GSD to award mudslide fix contract this month

Garberville Sanitary District directors hear a positive financial report from board treasurer Bill Stewart (second from left) at their most recent meeting last Tuesday, May 27. From left: board chair Rio Anderson, Stewart, vice chair Linda Brodersen, and member Doug Bryan. One board seat remains vacant.

GARBERVILLE >> Construction of Garberville Sanitary District's new drinking water treatment plant is "going along well," GSD project inspector Dennis Ryan told the board of directors at their monthly meeting last Tuesday, May 27.

If all continues to go as planned, Ryan believes construction and testing of the system should be completed by mid-September, and the plant will be fully operational at that time.

The mudslide on the hill above the plant, which threatened the new backwash filter system and recently-constructed operations building, has been stabilized, Ryan reported. The next step is construction of a mechanically stabilized earth wall ("MSE wall"), which GSD general manager Ralph Emerson described as "essentially a basket filled with river rock," to prevent further slides.

Several contractors have bid on the MSE wall construction. The board requested a special meeting to review the bids and award the job; date and time will be posted soon.

Wahlund Construction, GSD's contractor for the treatment plant construction, completed all the emergency work as well as initial remediation work on the slide, for which they billed the district an additional $175,000. GSD staff is reviewing the costs and will negotiate a final price with Wahlund.

Additionally, SHN Engineering has requested $40,000 for designing plans to contain and stabilize the slide, which includes geotechnical analysis and surveying as well as the actual design.

GSD will apply for a zero percent, 30-year loan from the California Department of Public Health (CDPH) to cover these costs above the original $2.3 million grant/loan package funding the overall project.

"At this point we're trying to minimize the damage," Emerson said. He noted that if completion of the MSE wall and final grading is not done by the fall, the district runs the risk of early rainfall and further sliding.

He praised Ryan and the staff for their support. "It's pretty remarkable how they keep people moving forward, when a lot of people are trying to balk and stall," Emerson said.

Regarding replacement of the leaking Alderpoint Road water storage tank, Emerson reported that he, capital projects manager Jennie Short, and LACO consulting engineers are now looking at installing two 100,000-gallon tanks rather than one 200,000-gallon as originally planned.

With two tanks, one could be taken off line if needed for repairs and cleaning while the second tank continues to provide storage.

The two tanks would be the same height as the proposed single tank so the footprint of both tanks would be less than twice the footprint of a single tank. The site is being studied to make sure the tanks will fit.

Emerson will have an updated price and will report on possible changes to the environmental documents by the next board meeting.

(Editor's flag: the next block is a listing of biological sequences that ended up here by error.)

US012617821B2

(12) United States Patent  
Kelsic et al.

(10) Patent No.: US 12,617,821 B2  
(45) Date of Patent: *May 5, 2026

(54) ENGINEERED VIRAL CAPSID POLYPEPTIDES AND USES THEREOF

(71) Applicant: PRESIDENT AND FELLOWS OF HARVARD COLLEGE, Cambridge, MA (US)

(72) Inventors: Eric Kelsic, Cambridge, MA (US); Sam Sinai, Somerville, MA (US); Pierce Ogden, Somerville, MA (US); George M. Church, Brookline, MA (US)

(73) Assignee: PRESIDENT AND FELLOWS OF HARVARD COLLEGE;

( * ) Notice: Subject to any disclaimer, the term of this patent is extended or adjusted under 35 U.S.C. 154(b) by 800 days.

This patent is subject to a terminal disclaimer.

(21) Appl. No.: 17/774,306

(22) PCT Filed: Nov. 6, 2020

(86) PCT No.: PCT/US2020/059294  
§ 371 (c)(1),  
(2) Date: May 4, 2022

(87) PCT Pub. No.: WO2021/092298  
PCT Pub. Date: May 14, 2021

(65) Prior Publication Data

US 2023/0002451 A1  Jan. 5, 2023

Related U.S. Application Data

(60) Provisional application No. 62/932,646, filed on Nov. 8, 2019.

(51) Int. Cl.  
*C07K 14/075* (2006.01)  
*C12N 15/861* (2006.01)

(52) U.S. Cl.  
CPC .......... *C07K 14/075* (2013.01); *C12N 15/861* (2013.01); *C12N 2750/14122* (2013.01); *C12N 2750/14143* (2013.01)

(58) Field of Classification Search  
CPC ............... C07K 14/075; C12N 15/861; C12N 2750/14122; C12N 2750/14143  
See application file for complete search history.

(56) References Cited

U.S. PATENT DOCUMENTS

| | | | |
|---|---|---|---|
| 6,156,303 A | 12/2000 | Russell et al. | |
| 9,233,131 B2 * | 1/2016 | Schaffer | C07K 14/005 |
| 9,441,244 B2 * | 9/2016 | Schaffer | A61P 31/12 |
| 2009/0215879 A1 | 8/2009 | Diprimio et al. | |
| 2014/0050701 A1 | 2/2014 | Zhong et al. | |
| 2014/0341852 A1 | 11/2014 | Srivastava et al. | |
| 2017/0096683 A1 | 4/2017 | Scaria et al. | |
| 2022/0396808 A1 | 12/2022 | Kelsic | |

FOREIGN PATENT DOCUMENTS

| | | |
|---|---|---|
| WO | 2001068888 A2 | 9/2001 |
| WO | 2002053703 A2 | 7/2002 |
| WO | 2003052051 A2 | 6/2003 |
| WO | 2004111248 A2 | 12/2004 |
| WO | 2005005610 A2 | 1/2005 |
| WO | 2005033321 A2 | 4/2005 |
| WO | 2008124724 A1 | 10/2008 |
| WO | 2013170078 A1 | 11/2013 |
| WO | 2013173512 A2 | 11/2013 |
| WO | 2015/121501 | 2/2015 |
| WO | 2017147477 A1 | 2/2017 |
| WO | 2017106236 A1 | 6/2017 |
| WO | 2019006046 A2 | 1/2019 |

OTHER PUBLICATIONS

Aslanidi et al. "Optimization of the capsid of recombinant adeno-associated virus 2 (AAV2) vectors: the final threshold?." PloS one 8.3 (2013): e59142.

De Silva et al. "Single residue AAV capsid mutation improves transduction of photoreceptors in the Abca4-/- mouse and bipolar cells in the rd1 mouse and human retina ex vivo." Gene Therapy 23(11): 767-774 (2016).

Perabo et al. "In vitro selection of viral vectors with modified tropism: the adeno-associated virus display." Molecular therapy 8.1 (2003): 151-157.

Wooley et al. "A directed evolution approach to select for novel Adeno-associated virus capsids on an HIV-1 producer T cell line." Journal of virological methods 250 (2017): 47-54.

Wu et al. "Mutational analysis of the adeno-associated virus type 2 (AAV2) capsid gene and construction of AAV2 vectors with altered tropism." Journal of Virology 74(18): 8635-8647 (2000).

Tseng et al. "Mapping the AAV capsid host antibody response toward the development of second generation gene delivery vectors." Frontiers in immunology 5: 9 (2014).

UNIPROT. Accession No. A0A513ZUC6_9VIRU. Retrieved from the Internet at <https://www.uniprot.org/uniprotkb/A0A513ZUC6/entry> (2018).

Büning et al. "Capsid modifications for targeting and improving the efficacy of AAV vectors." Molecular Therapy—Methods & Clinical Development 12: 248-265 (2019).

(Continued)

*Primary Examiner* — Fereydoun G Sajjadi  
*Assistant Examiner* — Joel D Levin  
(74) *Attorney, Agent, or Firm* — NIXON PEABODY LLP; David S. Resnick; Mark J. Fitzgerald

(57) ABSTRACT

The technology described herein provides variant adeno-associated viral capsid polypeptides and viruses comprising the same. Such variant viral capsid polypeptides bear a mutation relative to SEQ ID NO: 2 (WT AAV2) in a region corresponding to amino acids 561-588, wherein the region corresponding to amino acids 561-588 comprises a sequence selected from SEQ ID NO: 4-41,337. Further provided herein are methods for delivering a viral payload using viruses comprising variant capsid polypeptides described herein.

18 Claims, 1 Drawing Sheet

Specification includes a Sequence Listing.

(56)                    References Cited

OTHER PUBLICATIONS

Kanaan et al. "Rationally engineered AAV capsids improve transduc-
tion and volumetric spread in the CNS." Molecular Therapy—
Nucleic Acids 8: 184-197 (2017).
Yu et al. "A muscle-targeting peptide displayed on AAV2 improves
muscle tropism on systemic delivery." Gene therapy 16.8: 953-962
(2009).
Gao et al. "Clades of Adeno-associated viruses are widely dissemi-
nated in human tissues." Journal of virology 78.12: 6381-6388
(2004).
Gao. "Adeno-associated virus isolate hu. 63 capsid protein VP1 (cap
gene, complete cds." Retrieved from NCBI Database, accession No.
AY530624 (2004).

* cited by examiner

GSD's application to expand district boundaries to include all the land within its state-approved "place of use" was presented to the Humboldt County Local Agency Formation Commission on May 21. [See related story in our May 20 issue, "GSD brings annexation request to LAFCo."]

"There's been a lot of discussion about this process, but it's in LAFCo's hands now," said Emerson. "No doubt a lot of things were done wrong in that process, but there's no way LAFCo is going to disconnect anyone [now receiving service without being annexed to the district] . It's better for people to get [water] from the system than to draw it out of the ground."

He encouraged the board members, as well as interested members of the public, to attend LAFCo's July 16 meeting, when the annexation application will be considered for approval.

While reporting on hooking up the new apartment buildings on Melville Road, Emerson stated that the current connection fees, which have remained the same for the past 20 years, are no longer adequate to meet the district's needs.

Connection fees for new development should be high enough to offset the cost of additional improvements and maintenance required by the new service, he explained. Otherwise the existing customers must carry the burden.

Currently GSD connection fees are $1,200 for water and $1,600 for sewer. Average connection fees for services districts statewide are between $5,000 and $15,000, Emerson said.

GSD operations manager Ron Copenhafer added that many water and sewer pipes are old, in poor condition, and need replacement. Sewage is collected in six-inch clay lines, and these lines are cracking and collapsing all over town, Copenhafer said.

The board agreed to discuss connection fees when they consider the new budget for fiscal year 2014-15 (beginning July 1, 2014). A budget subcommittee is currently working to come up with a proposed budget for discussion and possible approval at the June board meeting.

That meeting is scheduled for Tuesday, June 24, at 5 p.m. in the GSD office at the south end of Garberville. For more information, see GSD's website at, or call the office during business hours at 707-923-9566.